Browsing "opinion"
Jul 22, 2008 - opinion, philosophy    1 Comment

Zen and the Art of the Reply

In this day of multi-channel communications overload, it has become insanely easy to fire off an email (or SMS, Twitter, Tumblr, Jaiku, Plurk, Pownce, Jott, …), post to your blog (or Facebook, Classmates, Friendster, LinkedIn, Plaxo, LiveJournal, WordPress, Blogger, MySpace, Utterz, Orkutz, an online forum or your choice, …), or leave a post on someone else’s blog (or … well, you get the picture) … all without really thinking about what we have to say.  Couple that with a general air of intolerance in some online circles (where any reply brings on a “flamewar” as though people were just itching for a fight) and spam shrinks to a trivial (and, for the most part, ignorable) online issue.

In a nutshell:  Just because someone else publicly said something (either to/about you or about a topic which you’re passionate about) doesn’t mean you must engage in what may appear to you as witty repartee but which, in fact, is mindless “oh, yeah?  Well, so there!” prattle.  To say nothing of the stress created as your blood pressure rises and you focus all your energy on visualizing your online foe being squished between your thumb and forefinger (like the heads of victims of Mr. Tyzik from The Kids in the Hall) .  It may feel good, but only for awhile … and it usually keeps things escalating for no good reason.

I had lunch with my parents this weekend, during which our discussion wandered (as it is want to do) onto the topic of conflict resolution.  More specifically, is it really necessary to confront someone who has either said something or sent something (email, etc.) to you, especially if their statement pisses you off?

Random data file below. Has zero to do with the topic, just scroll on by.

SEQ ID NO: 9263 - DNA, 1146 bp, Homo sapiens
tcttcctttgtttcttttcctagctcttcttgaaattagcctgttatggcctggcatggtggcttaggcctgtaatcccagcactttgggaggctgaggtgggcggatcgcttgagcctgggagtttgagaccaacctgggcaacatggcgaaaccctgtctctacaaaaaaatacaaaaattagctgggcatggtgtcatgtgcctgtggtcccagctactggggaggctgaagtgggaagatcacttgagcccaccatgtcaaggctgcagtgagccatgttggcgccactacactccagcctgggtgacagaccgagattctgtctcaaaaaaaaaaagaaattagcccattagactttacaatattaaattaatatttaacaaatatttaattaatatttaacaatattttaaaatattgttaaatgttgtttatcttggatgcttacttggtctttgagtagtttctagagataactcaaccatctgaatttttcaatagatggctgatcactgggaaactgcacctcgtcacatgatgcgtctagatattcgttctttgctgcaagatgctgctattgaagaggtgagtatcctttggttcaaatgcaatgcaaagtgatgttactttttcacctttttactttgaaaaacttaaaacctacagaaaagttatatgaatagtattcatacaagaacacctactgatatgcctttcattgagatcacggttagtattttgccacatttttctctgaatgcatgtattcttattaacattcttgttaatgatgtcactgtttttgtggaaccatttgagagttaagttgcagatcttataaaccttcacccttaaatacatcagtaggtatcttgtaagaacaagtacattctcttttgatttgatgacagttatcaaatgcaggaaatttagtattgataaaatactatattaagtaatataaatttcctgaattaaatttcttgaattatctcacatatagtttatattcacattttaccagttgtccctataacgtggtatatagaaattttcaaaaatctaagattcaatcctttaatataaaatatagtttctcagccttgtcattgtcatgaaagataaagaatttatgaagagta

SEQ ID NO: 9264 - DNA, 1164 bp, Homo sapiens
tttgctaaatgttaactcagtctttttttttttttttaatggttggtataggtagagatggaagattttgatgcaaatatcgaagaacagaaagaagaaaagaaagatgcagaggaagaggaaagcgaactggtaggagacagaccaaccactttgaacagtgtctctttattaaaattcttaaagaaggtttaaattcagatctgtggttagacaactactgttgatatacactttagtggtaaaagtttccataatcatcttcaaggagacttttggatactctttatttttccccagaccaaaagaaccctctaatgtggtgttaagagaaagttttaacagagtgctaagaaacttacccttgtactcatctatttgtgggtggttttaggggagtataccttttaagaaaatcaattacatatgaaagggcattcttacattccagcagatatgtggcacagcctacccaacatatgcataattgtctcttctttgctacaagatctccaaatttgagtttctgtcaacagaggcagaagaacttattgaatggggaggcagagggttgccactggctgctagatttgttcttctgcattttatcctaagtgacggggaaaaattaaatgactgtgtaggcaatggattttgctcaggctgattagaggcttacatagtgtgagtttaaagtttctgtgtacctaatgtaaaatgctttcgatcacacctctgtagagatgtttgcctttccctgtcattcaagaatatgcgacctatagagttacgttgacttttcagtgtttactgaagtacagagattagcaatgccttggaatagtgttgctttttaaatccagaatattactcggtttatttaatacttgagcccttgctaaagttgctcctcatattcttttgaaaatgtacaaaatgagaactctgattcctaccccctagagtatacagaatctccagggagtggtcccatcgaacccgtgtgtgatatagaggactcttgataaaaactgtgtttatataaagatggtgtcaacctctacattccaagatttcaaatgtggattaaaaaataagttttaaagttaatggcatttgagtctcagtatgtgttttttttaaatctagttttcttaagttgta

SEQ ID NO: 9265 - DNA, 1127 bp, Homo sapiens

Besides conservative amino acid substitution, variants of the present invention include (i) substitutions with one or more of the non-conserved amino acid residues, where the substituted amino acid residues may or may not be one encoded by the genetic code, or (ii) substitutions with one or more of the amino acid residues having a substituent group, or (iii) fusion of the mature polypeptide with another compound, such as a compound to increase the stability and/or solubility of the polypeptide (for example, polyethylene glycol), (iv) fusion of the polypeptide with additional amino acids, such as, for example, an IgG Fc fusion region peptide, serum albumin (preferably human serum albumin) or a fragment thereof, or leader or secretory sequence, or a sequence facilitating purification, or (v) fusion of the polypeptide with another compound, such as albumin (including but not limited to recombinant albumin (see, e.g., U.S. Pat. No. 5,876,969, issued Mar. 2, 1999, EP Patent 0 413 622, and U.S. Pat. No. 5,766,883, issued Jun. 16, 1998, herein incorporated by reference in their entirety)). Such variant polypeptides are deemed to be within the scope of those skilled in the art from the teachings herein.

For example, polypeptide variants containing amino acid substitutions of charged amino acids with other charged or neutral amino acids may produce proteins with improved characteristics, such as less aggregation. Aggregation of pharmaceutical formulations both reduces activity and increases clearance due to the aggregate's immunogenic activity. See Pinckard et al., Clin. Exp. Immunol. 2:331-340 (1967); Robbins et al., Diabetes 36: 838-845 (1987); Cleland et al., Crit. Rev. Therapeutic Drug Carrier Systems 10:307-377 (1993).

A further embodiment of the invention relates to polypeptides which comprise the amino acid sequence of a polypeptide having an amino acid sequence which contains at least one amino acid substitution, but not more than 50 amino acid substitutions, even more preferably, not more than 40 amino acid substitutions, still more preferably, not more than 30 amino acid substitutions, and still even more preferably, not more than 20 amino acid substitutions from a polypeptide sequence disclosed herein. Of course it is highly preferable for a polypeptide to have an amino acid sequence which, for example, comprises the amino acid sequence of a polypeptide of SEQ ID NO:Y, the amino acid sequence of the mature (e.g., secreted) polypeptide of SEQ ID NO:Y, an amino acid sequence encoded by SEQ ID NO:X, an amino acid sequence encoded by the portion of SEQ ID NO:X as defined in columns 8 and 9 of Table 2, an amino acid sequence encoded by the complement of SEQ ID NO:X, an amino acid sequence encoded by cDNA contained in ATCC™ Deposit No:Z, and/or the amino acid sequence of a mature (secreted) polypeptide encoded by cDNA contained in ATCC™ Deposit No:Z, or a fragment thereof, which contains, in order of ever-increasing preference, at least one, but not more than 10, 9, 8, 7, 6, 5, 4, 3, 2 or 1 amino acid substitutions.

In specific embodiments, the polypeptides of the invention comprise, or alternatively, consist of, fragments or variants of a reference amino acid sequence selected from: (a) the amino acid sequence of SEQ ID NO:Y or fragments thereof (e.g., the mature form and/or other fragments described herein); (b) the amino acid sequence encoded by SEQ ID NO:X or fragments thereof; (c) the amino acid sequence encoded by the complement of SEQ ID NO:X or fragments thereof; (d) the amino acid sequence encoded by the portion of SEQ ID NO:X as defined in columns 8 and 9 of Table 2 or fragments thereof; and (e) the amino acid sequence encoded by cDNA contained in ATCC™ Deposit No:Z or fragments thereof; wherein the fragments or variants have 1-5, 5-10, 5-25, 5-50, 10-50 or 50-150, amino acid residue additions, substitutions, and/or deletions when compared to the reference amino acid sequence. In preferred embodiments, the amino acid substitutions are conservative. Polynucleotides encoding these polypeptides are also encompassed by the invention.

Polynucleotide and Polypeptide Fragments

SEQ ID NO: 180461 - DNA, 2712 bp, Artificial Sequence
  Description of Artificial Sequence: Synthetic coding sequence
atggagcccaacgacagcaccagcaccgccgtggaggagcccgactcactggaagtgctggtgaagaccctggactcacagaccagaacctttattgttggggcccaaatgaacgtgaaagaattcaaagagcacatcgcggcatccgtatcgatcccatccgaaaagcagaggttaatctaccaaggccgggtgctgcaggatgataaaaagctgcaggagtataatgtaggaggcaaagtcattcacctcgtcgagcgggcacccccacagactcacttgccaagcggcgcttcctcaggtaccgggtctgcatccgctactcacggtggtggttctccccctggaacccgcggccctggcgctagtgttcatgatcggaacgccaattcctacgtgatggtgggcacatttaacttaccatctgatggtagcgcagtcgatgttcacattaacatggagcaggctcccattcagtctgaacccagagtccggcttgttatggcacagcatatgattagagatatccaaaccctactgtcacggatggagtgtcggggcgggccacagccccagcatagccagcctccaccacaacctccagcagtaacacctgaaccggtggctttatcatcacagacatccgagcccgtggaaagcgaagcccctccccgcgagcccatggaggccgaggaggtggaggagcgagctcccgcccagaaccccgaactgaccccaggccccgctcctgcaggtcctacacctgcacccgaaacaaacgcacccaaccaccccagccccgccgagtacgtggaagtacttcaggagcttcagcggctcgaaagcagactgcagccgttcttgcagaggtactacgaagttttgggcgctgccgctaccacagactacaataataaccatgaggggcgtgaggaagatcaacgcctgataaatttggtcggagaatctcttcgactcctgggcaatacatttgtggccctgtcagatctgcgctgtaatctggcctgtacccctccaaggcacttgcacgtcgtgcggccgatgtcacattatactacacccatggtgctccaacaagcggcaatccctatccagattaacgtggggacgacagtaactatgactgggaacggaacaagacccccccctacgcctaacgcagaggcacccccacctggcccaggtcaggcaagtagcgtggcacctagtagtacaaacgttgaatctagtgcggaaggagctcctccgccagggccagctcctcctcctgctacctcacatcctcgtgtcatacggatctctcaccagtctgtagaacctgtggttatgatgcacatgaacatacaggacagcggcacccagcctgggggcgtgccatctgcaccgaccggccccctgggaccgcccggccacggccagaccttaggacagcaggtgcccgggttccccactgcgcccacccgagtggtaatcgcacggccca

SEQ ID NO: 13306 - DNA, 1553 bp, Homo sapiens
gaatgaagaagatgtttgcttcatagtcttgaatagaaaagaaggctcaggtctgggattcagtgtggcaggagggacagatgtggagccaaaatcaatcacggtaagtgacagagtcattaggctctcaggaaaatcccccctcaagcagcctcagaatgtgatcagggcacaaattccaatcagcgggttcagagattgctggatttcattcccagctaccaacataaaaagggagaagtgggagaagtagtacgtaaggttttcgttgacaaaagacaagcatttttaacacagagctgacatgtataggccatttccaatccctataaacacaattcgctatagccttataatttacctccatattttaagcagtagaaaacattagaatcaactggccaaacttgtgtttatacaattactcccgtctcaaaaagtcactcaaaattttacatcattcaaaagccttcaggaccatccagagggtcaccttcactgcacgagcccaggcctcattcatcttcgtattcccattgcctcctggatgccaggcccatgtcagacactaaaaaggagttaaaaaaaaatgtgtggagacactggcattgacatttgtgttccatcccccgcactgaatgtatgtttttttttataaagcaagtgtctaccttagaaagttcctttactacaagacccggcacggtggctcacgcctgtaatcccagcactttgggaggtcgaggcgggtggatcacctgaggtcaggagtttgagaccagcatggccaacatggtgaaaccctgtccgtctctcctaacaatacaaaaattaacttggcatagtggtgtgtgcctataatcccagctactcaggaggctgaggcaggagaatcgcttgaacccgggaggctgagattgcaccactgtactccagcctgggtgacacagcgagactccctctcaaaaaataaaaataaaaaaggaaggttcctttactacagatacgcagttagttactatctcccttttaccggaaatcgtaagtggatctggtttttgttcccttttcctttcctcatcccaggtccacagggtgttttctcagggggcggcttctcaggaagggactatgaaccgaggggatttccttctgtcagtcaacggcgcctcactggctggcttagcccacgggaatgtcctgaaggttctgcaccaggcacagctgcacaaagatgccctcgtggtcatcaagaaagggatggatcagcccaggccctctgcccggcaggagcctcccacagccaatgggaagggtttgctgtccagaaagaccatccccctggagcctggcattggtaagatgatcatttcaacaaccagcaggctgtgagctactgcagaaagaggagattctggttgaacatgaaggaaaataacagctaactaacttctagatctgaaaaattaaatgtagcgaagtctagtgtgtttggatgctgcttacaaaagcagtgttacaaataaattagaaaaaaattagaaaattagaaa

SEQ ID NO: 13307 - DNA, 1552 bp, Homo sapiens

The simple answer:  Not necessarily.  If you’re having an open and honest dialog, perhaps (but it requires that both parties be willing to both listen and understand the other).  However, if you’re pretty certain that the speaker will neither understand nor appreciate your response, sometimes it’s best not to reply.

But how to know when and when not to continue a dialog?  A very good question, and I can answer that by giving you 3 questions to ask yourself when you’re in such a situation.

Before you react (or reply, or email, or whatever), ask yourself the following:

  1. Does [what they said] require a response?
  2. Does [what they said] require a response from me?
  3. Does [what they said] require a response from me now?

If you cannot answer “yes” to all three questions, don’t respond (if “yes” to just the first 2, then wait a bit).  Pretty simple, cuts to the heart of the matter … but not the way we’re programmed to think normally.  Think of these as a more detailed interpretation of the old adage:

If you have nothing constructive to say, say nothing.”

I can’t take credit for these 3 questions.  Kudos here goes to a coworker who uses them to get her through meetings where she finds herself itching to dive into a debate, only to find (after applying the questions) that any input she would have provided would have been misinterpreted and not produced the desired outcome.

I also make no claims about how easy it is to simply let things go when you first try.  It’s not (believe me, I know), but it does get easier with time.  And, with time, you’ll find that you become less and less riled up about things you have no interest in discussing.  Life gets better, stress goes down.

Try it!

Jun 16, 2008 - observations, opinion, science    No Comments

(Don’t) Sleep on It!

According to a study conducted by the University of Minnesota, if you don’t have a consistent, regular sleep habit (i.e. same number of hours, same level of relaxation, same time of night, etc.) you’re more likely to have “aging issues” (i.e. you’ll die).

There’s a part of me that went “duh!?!” when I heard this (it seems intuitively obvious), but then I had to take a step back and rethink things.  Is it really your screwed up sleeping habits that adversely affect your health (and, potentially, lead to your death) …

OR … is it the waking early and staying up late that affect your health … or the driving while drunk (because you’re out later) and driving hung over (because you were out later the night before) that kills you?

OR … it that (according to another survey) too little sleep leads to snacking … which leads to weight gain … and fat gain, and cholesterol gain … which leads to health issues?